I love gathering inspiration of the old masters and studying the horse in art, as it has been depicted for thousands of years. It is so interesting to observe that the horse was typically included in a painting to either add status to a person, or to simply exist because it was so integrated into society and apart of daily life in sport, war, commerce, and transportation, much like cars are to us today. I wouldn’t say there is a definite correlation between the commonly found historical use of horses’ role in art, however there were several painters in the last three hundred years that really took to horses and use them as a main subject in some of their work. Some of the well known ones being George Stubbs, Rosa Bonheur, Theodore Gericault, Alfred Munnings, and Eugene Delacroix. George Stubbs was seems to be the first artist to actually use the horse as a truly central and glorified subject, especially in his painting Whistlejacket, rather than a tool to enhance a painting or add importance to a patron’s portrait. I would definitely say that part of my inspiration comes from the richness of their history and how connected their history is with our own over the centuries as societies were built and kingdoms won and lost power.
Can you tell us about the scale of the work and how that impacts its physical presence? What can viewers expect to see at the show at the Grand Bohemian Gallery?
Scale is a key element in my work and I find myself often asking the question “what could make this piece better?” Usually, one of the answers is, if it was painted on a larger scale. Horses are larger than life animals, in their personality and everything about them so I think this is why I feel that they should be painted on a grand scale. When they are painted life size or larger than life the viewer really experiences them in a better way, they almost feel that it is more alive, more real to them and that is something that I want my viewer to think when they experience my work.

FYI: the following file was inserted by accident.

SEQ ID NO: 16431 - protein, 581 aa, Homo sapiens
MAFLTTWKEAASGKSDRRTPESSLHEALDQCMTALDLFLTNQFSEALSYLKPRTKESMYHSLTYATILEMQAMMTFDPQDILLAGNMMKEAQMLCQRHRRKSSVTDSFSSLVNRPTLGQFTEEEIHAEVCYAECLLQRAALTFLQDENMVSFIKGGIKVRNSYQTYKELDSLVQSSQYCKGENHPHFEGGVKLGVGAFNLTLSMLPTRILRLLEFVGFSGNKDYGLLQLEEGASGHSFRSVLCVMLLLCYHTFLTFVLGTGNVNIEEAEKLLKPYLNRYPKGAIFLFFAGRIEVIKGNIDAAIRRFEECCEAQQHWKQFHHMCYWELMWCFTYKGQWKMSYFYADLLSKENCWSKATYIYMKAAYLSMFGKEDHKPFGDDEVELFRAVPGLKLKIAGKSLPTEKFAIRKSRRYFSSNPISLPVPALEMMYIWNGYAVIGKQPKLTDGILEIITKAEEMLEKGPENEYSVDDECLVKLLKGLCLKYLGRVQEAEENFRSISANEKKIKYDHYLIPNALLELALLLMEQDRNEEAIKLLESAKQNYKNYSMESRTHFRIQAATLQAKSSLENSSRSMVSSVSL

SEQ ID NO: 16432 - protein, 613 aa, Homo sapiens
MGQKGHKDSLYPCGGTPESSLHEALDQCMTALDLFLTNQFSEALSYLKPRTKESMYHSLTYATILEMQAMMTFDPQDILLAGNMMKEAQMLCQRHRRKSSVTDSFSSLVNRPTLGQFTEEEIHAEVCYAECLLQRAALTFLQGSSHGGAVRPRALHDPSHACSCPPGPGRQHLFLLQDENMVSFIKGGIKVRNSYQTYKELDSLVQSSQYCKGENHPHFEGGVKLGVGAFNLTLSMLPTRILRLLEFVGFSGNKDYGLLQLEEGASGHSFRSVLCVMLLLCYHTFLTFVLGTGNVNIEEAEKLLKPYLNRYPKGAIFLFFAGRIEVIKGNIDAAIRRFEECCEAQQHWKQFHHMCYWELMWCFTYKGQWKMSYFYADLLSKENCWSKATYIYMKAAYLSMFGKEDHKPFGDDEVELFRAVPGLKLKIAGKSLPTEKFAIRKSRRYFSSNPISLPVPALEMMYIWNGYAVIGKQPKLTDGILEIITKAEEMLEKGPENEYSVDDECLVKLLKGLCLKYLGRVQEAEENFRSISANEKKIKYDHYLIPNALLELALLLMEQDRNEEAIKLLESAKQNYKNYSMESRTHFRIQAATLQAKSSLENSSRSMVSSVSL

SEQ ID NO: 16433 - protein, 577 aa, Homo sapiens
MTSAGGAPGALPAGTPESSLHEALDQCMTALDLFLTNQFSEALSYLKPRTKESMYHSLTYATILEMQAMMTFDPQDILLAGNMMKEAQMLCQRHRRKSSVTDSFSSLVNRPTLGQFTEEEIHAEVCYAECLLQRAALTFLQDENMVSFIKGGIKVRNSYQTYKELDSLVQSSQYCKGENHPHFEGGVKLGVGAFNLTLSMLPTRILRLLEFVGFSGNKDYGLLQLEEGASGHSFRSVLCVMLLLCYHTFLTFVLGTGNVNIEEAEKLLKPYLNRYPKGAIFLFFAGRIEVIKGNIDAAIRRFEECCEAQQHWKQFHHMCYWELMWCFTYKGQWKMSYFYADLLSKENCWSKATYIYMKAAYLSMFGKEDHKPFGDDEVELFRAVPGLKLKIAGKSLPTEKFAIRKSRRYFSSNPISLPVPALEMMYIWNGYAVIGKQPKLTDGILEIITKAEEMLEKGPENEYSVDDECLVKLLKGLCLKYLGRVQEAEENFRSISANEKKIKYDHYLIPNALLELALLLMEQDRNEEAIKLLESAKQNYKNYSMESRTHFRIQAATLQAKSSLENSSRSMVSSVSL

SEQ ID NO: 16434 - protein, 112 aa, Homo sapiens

The pieces at the Grand Bohemian Gallery range in size, from medium to large and I think each piece will impact its viewers because of its composition as well as its size. One of my pieces is quite large, and it is of giant hooves. I decided to paint these hooves way larger than life because the hoof, to a horse, is so so important. The care and upkeep of a horses’s hooves is necessary to keep the horse healthy and ridable. There is a saying that says “no hoof, no horse” and it is true because if a horse has developed major problems such as lameness or laminitis it can result in the loss of ride-ability and in the most severe cases, life. There is so much that happens in a hoof, physiologically, as the horse moves and works, it is quite fascinating.
Your work takes on a very photographic look. Aside from the photo-realistic detail, you place the horses against high-key backgrounds and include a reflection reminiscent of shooting on Plexi in a photographic studio. Can you talk a bit about what inspired this aesthetic?
The idea of reflection and use of it in my work comes from my own personal draw to the idea. I find the act of reflecting something important on a daily basis to think about. Reflecting on things can challenge and grow you in a positive way and sometimes in this busy world we forget to take a moment just to think. So to me, the reflections of my horses convey a message of thinking in general, and when it comes to the horse, to think about the things they symbolize such as power, grace, strength, beauty, friendship, innocence, and many more positive characteristics. They truly are noble creatures and I want people to take a second and think about them in this way and appreciate what they represent.